Sunday 29 November 2009

Collapsing Creation, a play by Arthur Meek

When I walked to my seat and sat down facing the set at Downstage Theatre, Wellington, I experienced such disappointment that I complained about it to my husband during the entire 10 min before the show started:  the set was far too white, Victorians would have neither white curtains nor white window-frames in a gentleman's study, the carpet was insipid, the furniture boring, beige and tired, the only picture a lone ancestor in a heavy frame. At some point in all this whingeing, a thought did run quickly through the back of my mind that there might be a reason for the blank walls, should one trust that they knew what they were doing, but the complaining was stronger.

From the moment the play started, I forgot about all that and was riveted. The movement on the stage was so dynamic, so expressive of what the characters were feeling, they were so original and natural in their interactions that I was delighted and fascinated. I have rarely enjoyed a play as much. I found I now liked the set, the roominess which gave the characters plenty of scope, the blank walls which became screens onto which people's shadows or luminescent colours, - greens and purples, blues and reds, very satisfying hues - were projected. I have often seen Peter Hambleton perform and felt this was one of his best performances - the moment when young  Thomas brings his Big Idea to him and his heart sinks - I felt it viscerally.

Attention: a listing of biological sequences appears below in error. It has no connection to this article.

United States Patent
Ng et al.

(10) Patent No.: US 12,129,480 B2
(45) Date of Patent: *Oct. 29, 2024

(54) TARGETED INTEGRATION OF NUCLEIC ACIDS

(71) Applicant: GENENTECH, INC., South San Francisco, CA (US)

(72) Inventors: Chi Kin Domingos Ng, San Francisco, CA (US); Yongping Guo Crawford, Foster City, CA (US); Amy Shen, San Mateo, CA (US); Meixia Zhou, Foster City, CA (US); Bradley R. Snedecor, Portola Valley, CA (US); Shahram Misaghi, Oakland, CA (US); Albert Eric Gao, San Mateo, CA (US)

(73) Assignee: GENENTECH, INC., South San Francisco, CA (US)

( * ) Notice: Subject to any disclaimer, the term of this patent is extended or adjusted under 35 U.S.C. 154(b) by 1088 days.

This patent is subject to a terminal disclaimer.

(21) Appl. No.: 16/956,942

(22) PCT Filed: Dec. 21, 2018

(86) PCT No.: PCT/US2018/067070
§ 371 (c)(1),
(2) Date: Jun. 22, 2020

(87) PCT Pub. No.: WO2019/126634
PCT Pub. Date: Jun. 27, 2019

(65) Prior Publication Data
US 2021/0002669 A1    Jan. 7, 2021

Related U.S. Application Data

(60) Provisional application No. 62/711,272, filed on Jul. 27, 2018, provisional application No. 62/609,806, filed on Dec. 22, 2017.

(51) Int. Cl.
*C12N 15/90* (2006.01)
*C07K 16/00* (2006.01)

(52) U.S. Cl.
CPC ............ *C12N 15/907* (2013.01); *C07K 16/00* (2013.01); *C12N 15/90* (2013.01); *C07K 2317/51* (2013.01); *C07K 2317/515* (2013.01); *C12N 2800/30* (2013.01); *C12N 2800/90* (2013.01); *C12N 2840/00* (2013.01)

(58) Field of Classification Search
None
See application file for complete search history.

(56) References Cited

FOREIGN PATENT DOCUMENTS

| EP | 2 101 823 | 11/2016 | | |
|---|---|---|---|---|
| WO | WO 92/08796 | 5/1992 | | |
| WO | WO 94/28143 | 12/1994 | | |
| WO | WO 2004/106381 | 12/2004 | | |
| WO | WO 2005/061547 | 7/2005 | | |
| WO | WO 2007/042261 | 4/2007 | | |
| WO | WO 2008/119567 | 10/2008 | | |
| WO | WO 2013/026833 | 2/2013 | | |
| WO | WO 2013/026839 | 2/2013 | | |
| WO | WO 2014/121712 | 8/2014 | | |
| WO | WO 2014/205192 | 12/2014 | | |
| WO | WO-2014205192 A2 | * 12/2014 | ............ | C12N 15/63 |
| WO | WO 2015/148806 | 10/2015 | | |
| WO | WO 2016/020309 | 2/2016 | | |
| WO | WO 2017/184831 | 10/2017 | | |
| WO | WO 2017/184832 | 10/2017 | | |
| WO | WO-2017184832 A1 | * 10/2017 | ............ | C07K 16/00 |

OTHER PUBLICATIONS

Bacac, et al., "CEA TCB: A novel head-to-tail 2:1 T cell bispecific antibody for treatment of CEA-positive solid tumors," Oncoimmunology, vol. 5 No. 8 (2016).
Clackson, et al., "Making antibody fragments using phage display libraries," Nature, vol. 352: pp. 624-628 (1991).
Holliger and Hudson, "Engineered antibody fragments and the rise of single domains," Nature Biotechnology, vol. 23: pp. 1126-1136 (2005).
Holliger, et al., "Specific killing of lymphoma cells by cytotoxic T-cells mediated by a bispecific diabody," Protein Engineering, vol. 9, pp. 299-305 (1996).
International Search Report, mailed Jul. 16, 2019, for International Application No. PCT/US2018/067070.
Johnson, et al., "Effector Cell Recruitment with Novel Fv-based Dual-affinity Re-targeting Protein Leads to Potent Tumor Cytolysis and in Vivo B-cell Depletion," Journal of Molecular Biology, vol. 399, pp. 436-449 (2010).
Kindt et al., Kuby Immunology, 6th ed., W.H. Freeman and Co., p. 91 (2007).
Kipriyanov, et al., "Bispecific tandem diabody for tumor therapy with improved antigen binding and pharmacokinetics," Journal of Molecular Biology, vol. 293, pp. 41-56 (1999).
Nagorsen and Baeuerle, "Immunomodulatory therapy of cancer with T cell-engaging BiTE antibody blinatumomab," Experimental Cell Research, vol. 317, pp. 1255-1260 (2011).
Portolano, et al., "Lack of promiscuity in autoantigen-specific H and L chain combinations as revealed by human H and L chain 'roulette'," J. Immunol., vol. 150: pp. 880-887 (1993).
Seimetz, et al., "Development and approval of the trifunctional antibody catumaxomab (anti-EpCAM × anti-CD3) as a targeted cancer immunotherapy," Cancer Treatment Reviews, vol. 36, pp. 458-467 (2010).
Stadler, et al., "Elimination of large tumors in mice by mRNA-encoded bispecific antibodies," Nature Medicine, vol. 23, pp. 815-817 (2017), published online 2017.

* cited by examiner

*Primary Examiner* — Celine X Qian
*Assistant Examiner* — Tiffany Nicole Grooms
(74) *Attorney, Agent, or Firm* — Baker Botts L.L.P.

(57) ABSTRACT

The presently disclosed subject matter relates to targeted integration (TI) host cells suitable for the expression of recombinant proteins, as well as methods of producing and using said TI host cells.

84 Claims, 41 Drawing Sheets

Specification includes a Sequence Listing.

The play itself pleased me, oh yes it is pleasing: the humour - how Science, in the shape of an increasingly cringeing but dogged servant,  keeps intruding on Mrs Darwin's intimacy with her husband, the fight she leads to be the One and Only in his life, her battle with his obsession, his respect for hers.  Never does Darwin say what might upset her - that is left to the other protagonists, Roberts, the man of faith and Thomas, the young upstart scientist. Both evolve and change believably and shockingly in the course of the play. Themes are interwoven - reproduction, fecundity, kinship, 'the most important part of a tree', a man's life work, the meaning of children, of religion, publish or be damned, various ambitions, different kinds of intimacy, and love and trust, hope and despair.

I think it must become a classic.

1 comment:

Bill said...

I saw this too!
I did enjoy and the writing was fantastic.
Although, I couldn't help but think it was so even balanced between the science and the story (relationship with his wife and colleagues etc) that it didn't really do either particularly well. Like it seemed a bit like a basic explanation of Evolutionary theory, which you know, that is all a play could be really. But I wasn't overly drawn to the human story either. It seemed to be a little lighter than it could have been.

But overall I enjoyed it and I think it will be a classic. Seems to have something for everyone and the way he chose to tell the story (a few key moments in Darwin's life) was superb.

Hope you're well! Finished the M.A. now and ready for some literary freedom. Yay!